Informational Lobbying and Legislative Voting

38 Pages Posted: 9 Mar 2014 Last revised: 31 Jan 2016

See all articles by Keith E. Schnakenberg

Keith E. Schnakenberg

Washington University in St. Louis - Department of Political Science

Date Written: February 20, 2015


In this article I analyze a model of interest group influence on legislative voting through information transmission. The model shows how interest groups may manipulate voting coalitions to their advantage by crafting different messages to target different winning coalitions. Furthermore, if access to legislators is costly, the interest groups prefer to coordinate with allied legislators by providing them with information that helps them to persuade less sympathetic legislators. The model reconciles informational theories of lobbying with empirical evidence suggesting that interest groups predominantly lobby those who already agree with them. The model also makes new predictions about the welfare effects of interest group influence: from an ex ante perspective, informational lobbying negatively effects the welfare of legislators. The results highlight the need for more theories of persuasion that take collective choice institutions into account.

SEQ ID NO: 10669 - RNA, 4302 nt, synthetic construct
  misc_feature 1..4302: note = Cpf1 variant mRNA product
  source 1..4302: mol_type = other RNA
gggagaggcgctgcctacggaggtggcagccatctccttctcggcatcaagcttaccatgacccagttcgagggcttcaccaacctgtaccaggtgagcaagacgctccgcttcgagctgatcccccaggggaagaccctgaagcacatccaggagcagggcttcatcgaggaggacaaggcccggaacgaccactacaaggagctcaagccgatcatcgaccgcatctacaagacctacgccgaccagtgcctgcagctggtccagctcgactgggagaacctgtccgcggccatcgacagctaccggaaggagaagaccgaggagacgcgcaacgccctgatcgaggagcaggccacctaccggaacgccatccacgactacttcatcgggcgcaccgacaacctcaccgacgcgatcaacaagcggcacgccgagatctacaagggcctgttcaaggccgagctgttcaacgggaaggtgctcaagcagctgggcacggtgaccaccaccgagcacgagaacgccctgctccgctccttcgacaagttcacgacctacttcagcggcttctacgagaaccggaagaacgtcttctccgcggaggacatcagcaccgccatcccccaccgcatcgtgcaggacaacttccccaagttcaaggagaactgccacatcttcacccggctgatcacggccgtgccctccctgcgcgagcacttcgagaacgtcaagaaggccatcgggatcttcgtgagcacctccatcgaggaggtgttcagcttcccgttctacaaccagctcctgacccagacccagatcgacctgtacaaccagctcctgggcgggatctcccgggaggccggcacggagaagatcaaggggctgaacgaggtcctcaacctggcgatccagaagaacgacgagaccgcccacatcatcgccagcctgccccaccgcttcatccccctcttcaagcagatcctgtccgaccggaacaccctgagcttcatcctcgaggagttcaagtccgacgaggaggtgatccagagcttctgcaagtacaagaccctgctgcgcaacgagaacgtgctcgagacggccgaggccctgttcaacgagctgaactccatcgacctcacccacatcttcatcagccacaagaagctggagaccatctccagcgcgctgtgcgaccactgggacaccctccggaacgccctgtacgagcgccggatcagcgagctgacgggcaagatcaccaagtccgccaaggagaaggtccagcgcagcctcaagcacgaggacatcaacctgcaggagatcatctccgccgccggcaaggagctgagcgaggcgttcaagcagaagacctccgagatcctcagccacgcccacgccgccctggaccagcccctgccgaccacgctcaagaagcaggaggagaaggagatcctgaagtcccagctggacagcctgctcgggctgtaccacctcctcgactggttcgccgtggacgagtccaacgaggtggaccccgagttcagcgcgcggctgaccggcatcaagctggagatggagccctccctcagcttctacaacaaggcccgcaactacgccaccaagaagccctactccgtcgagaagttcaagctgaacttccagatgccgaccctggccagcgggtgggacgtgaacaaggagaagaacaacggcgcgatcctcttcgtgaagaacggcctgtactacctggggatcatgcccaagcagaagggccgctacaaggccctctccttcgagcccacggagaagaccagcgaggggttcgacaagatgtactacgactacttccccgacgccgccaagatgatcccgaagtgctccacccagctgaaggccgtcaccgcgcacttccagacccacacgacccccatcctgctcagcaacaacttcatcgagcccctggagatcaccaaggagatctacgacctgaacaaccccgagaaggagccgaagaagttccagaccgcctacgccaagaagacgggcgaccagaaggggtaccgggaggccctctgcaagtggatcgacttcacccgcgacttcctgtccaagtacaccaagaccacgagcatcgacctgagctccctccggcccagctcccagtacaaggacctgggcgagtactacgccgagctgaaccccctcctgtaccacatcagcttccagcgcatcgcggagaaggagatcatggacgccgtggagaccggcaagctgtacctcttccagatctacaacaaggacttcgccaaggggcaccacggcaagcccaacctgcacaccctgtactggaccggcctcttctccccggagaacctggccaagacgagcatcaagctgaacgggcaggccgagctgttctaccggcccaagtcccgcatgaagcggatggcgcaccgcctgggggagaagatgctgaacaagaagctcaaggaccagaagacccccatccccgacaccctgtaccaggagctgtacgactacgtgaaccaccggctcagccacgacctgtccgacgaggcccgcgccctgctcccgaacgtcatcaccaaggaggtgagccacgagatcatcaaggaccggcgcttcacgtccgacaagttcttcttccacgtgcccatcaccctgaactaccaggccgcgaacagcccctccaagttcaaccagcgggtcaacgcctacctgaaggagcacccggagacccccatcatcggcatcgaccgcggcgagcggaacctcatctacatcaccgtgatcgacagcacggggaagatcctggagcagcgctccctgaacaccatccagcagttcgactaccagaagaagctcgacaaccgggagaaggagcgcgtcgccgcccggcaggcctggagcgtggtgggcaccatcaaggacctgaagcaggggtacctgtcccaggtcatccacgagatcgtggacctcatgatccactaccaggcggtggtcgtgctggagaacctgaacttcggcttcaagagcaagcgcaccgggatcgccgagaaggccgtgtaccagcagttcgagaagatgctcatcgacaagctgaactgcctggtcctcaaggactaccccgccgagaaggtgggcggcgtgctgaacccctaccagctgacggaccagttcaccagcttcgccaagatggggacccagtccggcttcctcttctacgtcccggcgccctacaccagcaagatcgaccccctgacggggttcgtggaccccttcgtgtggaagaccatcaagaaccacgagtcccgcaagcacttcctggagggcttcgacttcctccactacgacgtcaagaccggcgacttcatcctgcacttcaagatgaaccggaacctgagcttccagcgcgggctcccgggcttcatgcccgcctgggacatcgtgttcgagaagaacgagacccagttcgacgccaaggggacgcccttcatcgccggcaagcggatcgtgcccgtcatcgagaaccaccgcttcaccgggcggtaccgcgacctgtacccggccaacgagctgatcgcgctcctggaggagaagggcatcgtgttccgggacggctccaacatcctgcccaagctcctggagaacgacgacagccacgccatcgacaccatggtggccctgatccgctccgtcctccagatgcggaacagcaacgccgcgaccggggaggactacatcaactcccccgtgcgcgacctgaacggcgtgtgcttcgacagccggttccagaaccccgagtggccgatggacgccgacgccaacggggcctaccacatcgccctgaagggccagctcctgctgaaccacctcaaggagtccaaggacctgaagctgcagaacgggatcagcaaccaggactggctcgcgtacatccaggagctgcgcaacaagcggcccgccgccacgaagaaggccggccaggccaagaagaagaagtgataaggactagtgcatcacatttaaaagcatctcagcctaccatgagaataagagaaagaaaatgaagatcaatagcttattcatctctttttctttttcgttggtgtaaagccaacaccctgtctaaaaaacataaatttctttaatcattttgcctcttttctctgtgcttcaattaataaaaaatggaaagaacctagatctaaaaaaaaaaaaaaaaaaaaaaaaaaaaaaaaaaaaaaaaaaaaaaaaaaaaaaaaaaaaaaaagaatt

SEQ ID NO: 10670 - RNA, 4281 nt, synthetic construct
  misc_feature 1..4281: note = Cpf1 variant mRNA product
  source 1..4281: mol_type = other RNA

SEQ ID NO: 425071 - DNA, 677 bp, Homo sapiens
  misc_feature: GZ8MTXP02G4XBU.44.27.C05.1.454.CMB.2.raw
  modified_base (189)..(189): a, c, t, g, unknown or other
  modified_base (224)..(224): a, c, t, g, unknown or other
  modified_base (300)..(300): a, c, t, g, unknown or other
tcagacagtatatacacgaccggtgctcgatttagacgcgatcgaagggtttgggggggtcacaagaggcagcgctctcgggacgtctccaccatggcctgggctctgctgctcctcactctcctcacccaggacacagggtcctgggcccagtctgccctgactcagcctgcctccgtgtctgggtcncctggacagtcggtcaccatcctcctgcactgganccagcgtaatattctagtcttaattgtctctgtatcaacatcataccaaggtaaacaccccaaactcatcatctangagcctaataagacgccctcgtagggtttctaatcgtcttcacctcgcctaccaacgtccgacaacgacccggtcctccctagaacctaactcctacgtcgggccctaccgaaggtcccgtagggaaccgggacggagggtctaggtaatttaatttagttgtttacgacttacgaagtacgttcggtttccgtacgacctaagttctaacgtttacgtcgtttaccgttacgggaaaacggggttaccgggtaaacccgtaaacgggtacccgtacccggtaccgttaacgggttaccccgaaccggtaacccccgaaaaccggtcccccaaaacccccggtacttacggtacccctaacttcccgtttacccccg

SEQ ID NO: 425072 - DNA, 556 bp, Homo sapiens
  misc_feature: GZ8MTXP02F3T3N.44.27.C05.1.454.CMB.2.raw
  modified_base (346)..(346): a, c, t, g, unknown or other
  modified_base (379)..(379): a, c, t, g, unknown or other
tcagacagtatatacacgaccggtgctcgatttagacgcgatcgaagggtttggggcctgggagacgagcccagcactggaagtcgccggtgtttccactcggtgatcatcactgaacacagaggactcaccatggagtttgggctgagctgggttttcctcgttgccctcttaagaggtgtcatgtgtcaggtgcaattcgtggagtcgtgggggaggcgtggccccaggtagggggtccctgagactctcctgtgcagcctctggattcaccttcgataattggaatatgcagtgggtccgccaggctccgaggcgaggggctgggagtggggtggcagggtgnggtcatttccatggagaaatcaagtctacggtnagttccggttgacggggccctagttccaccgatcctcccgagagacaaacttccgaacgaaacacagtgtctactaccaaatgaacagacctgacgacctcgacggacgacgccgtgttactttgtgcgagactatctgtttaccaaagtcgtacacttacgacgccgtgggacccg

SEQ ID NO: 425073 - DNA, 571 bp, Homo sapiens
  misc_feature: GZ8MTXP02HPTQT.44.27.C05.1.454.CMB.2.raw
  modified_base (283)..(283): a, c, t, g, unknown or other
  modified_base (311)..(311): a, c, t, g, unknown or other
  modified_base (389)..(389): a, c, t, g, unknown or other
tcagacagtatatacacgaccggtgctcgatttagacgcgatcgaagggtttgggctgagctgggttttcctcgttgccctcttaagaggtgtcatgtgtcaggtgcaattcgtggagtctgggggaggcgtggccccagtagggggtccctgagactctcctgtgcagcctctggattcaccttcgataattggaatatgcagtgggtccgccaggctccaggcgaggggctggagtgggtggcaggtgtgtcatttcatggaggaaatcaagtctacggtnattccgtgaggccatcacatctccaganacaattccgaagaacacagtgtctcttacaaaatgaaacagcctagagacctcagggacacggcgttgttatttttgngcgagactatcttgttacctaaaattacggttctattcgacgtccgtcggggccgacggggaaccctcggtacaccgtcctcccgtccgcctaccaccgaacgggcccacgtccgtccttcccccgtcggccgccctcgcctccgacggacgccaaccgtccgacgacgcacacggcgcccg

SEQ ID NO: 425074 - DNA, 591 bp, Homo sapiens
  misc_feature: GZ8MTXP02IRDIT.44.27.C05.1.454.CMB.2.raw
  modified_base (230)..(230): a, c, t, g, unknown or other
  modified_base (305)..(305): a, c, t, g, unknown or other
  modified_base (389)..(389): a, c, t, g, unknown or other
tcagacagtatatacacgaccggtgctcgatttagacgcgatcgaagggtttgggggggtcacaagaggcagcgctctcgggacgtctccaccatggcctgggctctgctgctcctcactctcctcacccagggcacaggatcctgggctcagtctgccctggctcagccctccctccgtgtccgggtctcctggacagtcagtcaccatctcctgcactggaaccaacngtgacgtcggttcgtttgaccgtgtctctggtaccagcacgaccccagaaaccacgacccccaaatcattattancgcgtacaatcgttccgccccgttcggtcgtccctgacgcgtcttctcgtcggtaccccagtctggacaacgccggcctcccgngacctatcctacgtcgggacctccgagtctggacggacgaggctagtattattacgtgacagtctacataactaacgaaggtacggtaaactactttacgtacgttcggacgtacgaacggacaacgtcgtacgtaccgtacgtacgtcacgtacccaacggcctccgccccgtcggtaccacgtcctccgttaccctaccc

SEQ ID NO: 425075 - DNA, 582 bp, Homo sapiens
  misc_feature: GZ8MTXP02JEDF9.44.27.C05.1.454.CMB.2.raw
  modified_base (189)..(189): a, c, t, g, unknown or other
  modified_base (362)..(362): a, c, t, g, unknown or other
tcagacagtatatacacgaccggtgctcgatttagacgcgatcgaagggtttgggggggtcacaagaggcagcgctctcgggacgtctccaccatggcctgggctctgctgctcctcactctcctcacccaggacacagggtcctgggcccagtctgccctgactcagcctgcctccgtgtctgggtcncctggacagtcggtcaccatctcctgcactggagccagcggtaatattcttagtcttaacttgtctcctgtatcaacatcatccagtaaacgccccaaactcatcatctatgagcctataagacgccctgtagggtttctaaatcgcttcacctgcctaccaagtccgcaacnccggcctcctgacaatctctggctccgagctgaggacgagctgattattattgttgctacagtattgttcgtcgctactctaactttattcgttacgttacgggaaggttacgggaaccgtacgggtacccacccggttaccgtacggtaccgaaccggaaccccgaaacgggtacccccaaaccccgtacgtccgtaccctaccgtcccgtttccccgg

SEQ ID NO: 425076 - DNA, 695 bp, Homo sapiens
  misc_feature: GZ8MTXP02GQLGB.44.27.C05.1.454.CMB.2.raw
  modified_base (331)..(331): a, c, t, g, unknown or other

The appendices for this paper are available at the following URL:

Keywords: cheap talk, lobbying, social choice

JEL Classification: D70, D71, D72, D78, D80, D82, D83

Suggested Citation

Schnakenberg, Keith E., Informational Lobbying and Legislative Voting (February 20, 2015). Available at SSRN: or

Keith E. Schnakenberg (Contact Author)

Washington University in St. Louis - Department of Political Science ( email )

One Brookings Drive
One Brookings Drive
St. Louis, MO 63130
United States

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